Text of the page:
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The Difference Between Independent Living and Assisted Living

Many might believe that independent living and assisted living for seniors are one in the same type of care, but they are actually quite different. The main difference in the two normally depends on how well an individual can manage their daily activities. Examples of daily activities include, but are not limited to: preparing meals, personal hygiene, managing medications, completing household chores, driving/coordinating transportation, and maintaining personal finances.

Independent living, also known as senior apartments, retirement communities, and continuing care retirement communities, is any housing arrangement designed exclusively for seniors, commonly those aged 55 and over. The style of housing varies widely, from apartment-style living to freestanding homes. In general, independent living communities are structured to older adults, often being more compact, with easier navigation and maintenance and yard work included in the rent.

While residents live independently, most communities offer amenities, activities, and services. Recreational centers or clubhouses are available on site to give seniors the opportunity to connect with other members of the community and participate in community activities, such as card games, holiday gatherings, arts and crafts, or movie nights. Independent livings may also offer other amenities such as a swimming pool, fitness center, computer rooms, even a golf course. Other common services offered in independent livings include beauty and barber salons, daily meals, and basic housekeeping and laundry services.

Since independent living facilities are aimed at older adults who need little or no assistance with activities of daily living, most do not offer medical care or nursing staff. As with regular housing, though, you can hire in-home help separately as required.

On the other hand, assisted living, is just what the name states, assistance with living, or daily activities of living. Assisted living communities are for seniors with minor disabilities and who need minor help with their day-to-day chores. The communities commonly provide help with activities of daily living, coordination of services by outside health care providers and monitor resident activities to ensure their health, safety and well-being.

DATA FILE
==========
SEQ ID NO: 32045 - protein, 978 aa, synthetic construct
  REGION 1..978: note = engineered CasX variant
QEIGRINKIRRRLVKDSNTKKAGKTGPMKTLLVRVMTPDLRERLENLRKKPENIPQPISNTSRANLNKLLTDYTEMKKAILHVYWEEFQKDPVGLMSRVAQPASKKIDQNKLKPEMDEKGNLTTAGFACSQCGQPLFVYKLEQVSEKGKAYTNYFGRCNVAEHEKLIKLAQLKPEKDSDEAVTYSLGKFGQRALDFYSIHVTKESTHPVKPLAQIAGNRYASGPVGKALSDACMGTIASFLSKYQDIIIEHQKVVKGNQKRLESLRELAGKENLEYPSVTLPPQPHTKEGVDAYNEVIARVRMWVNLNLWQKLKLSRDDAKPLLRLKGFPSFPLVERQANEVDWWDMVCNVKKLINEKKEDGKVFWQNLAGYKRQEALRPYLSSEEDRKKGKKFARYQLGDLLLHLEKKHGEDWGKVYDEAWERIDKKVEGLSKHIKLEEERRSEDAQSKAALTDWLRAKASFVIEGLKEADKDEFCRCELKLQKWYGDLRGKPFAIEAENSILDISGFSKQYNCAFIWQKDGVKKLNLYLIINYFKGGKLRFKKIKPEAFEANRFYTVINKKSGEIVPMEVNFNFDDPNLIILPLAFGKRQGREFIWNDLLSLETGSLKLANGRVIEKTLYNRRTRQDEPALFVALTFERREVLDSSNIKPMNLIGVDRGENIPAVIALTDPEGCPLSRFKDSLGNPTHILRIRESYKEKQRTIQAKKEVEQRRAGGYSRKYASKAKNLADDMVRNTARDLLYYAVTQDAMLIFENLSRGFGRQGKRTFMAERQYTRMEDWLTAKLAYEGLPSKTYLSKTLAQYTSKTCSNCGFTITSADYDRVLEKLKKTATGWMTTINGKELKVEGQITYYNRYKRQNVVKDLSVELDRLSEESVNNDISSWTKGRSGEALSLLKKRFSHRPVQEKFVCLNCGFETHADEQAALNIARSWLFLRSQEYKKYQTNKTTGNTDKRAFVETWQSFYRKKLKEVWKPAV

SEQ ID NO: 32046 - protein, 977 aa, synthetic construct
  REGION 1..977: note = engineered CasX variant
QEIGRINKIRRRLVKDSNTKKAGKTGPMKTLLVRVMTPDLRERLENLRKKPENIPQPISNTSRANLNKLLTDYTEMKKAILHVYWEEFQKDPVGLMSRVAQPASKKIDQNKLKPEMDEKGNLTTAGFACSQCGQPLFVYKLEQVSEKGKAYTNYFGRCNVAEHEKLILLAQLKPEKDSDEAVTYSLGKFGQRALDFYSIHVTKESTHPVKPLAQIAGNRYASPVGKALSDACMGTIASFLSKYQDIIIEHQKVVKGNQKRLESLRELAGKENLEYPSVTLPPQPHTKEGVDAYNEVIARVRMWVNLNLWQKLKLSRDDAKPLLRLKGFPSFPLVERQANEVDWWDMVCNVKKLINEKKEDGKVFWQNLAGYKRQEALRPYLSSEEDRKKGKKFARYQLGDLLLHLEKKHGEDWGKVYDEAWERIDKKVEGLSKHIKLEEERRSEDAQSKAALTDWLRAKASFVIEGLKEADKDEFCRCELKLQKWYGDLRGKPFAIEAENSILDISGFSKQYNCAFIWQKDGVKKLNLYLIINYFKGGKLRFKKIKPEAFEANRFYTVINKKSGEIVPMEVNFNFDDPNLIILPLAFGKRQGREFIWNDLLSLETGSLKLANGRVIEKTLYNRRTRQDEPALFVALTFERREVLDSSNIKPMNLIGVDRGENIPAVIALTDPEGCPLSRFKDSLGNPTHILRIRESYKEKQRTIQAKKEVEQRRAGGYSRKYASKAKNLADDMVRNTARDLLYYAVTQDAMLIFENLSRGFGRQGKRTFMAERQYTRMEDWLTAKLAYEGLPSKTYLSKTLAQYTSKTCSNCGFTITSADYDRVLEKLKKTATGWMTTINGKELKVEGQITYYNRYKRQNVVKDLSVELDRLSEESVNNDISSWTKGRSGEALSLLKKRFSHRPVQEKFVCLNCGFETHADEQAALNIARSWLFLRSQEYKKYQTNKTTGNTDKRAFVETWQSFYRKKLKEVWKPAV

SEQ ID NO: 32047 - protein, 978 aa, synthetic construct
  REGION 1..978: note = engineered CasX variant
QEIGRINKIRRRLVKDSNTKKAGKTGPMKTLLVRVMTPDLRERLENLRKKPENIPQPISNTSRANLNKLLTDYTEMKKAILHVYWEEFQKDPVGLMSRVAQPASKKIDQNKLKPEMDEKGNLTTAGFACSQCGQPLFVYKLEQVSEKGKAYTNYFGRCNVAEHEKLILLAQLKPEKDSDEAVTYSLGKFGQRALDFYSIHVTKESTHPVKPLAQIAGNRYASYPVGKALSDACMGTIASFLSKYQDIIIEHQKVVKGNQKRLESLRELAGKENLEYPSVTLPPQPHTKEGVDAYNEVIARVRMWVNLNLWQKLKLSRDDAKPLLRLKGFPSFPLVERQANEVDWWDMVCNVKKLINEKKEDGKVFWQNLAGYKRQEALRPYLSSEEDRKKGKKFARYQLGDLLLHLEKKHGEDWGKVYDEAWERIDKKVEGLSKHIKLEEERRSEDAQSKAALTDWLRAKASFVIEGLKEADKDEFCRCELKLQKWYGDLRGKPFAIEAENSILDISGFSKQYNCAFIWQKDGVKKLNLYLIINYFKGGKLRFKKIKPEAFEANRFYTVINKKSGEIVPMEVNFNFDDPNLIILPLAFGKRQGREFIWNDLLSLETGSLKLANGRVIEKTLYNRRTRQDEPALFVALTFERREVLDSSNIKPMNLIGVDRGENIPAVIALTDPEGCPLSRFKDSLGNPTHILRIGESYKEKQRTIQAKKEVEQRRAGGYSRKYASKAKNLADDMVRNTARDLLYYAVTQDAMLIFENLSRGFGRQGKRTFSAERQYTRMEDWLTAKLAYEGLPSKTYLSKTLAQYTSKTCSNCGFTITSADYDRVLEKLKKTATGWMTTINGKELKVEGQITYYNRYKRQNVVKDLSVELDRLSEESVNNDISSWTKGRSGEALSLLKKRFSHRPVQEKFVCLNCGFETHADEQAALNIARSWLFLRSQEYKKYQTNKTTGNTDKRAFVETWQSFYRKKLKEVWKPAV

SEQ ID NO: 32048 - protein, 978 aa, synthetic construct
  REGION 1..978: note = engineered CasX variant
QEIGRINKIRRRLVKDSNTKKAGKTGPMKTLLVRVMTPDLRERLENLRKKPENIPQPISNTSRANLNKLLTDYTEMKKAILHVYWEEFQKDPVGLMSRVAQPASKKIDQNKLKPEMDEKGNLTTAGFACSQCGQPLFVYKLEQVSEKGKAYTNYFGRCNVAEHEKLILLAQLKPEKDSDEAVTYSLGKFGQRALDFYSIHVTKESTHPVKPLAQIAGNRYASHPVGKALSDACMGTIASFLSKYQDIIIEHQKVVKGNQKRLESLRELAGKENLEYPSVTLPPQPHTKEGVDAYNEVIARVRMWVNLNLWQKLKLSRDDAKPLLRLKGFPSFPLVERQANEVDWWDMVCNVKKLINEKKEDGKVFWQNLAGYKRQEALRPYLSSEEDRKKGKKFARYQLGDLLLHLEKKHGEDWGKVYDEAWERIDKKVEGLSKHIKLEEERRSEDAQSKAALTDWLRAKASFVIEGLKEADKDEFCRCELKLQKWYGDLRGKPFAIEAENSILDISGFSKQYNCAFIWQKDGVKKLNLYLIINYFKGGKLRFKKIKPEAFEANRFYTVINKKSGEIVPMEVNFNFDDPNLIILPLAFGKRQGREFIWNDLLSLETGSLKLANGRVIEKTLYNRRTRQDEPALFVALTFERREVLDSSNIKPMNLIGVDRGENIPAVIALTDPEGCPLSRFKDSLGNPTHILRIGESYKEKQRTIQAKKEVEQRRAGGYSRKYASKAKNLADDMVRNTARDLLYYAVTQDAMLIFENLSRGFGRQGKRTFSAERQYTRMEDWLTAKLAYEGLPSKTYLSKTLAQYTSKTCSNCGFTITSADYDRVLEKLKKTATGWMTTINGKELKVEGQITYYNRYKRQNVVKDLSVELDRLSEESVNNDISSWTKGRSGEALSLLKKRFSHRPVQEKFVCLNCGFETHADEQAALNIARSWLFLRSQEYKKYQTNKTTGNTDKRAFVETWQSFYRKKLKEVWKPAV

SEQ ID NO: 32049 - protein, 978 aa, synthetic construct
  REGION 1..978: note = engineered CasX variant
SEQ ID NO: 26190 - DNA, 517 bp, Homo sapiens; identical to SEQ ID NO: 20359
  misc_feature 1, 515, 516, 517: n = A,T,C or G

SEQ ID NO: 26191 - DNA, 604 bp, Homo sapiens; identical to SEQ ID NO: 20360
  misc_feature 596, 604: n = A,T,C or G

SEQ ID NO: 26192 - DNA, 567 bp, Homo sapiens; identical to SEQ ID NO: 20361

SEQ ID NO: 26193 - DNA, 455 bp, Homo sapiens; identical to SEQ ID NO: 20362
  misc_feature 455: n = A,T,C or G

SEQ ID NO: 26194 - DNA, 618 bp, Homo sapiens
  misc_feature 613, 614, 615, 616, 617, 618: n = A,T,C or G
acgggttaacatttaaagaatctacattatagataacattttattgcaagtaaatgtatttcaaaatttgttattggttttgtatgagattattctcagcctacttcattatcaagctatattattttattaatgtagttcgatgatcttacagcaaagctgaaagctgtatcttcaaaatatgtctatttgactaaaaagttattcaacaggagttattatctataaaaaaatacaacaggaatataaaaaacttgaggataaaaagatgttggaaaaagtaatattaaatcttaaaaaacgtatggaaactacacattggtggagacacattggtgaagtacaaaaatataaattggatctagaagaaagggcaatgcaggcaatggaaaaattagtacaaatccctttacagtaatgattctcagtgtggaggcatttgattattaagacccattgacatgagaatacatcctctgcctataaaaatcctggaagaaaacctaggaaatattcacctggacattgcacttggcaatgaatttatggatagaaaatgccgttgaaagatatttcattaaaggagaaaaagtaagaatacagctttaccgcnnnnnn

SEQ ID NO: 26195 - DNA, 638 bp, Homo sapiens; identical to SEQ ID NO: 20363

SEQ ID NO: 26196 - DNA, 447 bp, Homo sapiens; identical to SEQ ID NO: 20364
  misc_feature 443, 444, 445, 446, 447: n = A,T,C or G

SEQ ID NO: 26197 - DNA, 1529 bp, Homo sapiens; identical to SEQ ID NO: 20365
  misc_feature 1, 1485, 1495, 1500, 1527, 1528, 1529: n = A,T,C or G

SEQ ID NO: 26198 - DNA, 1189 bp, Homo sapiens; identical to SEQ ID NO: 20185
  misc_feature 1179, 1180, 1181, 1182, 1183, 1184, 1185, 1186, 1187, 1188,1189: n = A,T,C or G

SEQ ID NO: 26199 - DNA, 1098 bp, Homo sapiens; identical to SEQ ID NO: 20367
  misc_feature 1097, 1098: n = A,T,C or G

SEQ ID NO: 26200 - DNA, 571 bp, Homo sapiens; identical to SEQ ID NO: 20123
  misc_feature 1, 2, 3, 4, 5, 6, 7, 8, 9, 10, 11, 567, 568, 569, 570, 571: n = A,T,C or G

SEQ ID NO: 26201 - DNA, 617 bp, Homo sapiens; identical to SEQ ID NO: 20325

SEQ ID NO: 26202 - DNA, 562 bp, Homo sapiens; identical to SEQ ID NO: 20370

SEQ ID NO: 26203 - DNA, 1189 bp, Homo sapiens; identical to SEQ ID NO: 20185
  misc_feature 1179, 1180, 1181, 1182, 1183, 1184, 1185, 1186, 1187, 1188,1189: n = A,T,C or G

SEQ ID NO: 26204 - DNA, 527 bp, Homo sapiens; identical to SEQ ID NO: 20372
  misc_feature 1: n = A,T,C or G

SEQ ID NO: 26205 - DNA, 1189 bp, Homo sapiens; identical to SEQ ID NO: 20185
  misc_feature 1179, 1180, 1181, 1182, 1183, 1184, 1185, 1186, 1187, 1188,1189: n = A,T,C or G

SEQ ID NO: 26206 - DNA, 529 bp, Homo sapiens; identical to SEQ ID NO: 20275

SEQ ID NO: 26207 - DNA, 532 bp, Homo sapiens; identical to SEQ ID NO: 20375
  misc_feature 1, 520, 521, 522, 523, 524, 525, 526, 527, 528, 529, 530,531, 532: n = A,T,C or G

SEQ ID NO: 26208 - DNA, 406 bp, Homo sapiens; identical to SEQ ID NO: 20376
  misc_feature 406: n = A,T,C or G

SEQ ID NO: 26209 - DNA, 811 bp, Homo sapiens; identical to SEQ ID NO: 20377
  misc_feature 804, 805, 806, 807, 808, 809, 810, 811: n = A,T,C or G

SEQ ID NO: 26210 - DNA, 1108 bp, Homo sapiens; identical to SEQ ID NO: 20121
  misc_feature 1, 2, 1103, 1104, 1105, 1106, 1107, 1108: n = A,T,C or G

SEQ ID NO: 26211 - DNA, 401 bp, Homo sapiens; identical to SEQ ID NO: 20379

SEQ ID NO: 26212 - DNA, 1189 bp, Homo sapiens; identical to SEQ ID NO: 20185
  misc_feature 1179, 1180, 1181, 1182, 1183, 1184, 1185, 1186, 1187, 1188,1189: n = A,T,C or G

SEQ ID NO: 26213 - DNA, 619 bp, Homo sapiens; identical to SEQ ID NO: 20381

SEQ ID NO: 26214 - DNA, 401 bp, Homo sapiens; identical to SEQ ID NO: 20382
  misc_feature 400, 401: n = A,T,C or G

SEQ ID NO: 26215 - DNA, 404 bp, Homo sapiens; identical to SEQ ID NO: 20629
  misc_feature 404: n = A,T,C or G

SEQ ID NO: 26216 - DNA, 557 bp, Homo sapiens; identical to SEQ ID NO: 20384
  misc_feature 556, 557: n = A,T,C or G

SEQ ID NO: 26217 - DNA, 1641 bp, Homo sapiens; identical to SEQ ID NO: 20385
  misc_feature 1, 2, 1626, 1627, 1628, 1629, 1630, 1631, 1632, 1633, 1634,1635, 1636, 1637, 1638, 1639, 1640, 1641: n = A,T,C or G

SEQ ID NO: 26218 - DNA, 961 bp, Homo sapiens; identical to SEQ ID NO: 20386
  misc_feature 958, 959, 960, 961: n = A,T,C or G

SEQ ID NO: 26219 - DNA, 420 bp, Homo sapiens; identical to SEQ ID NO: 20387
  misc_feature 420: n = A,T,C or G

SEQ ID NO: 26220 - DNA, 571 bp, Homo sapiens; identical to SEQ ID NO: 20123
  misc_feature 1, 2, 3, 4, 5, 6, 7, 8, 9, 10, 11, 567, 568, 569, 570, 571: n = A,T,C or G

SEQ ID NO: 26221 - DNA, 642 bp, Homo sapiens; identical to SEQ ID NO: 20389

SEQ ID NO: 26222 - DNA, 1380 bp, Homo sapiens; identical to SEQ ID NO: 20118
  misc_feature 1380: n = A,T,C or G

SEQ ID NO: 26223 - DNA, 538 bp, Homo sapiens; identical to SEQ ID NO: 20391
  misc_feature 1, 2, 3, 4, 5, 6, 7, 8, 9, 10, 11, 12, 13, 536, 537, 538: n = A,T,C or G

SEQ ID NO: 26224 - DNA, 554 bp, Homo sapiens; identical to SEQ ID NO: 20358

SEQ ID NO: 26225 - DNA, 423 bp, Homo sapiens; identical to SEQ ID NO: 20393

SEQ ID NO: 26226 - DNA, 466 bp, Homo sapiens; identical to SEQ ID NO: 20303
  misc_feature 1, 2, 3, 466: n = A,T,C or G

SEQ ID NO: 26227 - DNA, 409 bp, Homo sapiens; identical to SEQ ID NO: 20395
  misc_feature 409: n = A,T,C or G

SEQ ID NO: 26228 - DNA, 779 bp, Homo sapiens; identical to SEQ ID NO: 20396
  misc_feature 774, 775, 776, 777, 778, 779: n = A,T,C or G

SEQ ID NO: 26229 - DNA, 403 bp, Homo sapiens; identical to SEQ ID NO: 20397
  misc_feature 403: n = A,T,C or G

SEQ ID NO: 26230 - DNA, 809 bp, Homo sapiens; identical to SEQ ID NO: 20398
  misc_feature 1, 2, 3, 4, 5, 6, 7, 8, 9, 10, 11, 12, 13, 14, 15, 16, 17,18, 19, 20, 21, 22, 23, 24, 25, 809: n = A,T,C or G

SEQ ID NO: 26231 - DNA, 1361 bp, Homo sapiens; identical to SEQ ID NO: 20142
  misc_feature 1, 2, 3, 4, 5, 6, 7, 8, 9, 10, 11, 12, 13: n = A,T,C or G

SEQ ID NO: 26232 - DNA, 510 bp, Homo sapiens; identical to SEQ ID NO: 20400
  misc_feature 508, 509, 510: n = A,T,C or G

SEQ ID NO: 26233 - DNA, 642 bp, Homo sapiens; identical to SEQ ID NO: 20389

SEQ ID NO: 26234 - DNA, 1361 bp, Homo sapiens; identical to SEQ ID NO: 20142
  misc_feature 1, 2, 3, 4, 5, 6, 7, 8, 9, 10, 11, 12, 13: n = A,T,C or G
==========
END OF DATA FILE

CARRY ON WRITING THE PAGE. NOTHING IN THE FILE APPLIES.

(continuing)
Assisted livings as they exist today emerged in the 1990s as an alternative senior care to nursing homes. They provide a middle ground of care for seniors that are not quite independent, but do not need the full care of a skilled nursing facility. The living areas in assisted living facilities normally consist of private apartments or rooms that residents can decorate with their own furnishings. The staff respects resident privacy whenever possible and try to create an atmosphere of independence. Other services commonly included are shared meals, laundry and housekeeping. Seniors who are younger or in a more physically stable stage often do well in assisted livings.

The choice between assisted living and independent living should be determined by your needs or the needs of your loved one. Many communities offer both assisted and independent living options and residents are able to adjust their lifestyle based on their changing needs. Inquire about the options that are available in each community you consider and be sure to ask about services that are included in the monthly rental and those that are an additional cost. Tour the community and speak with staff members and residents to gain the information you need to make the right decision.

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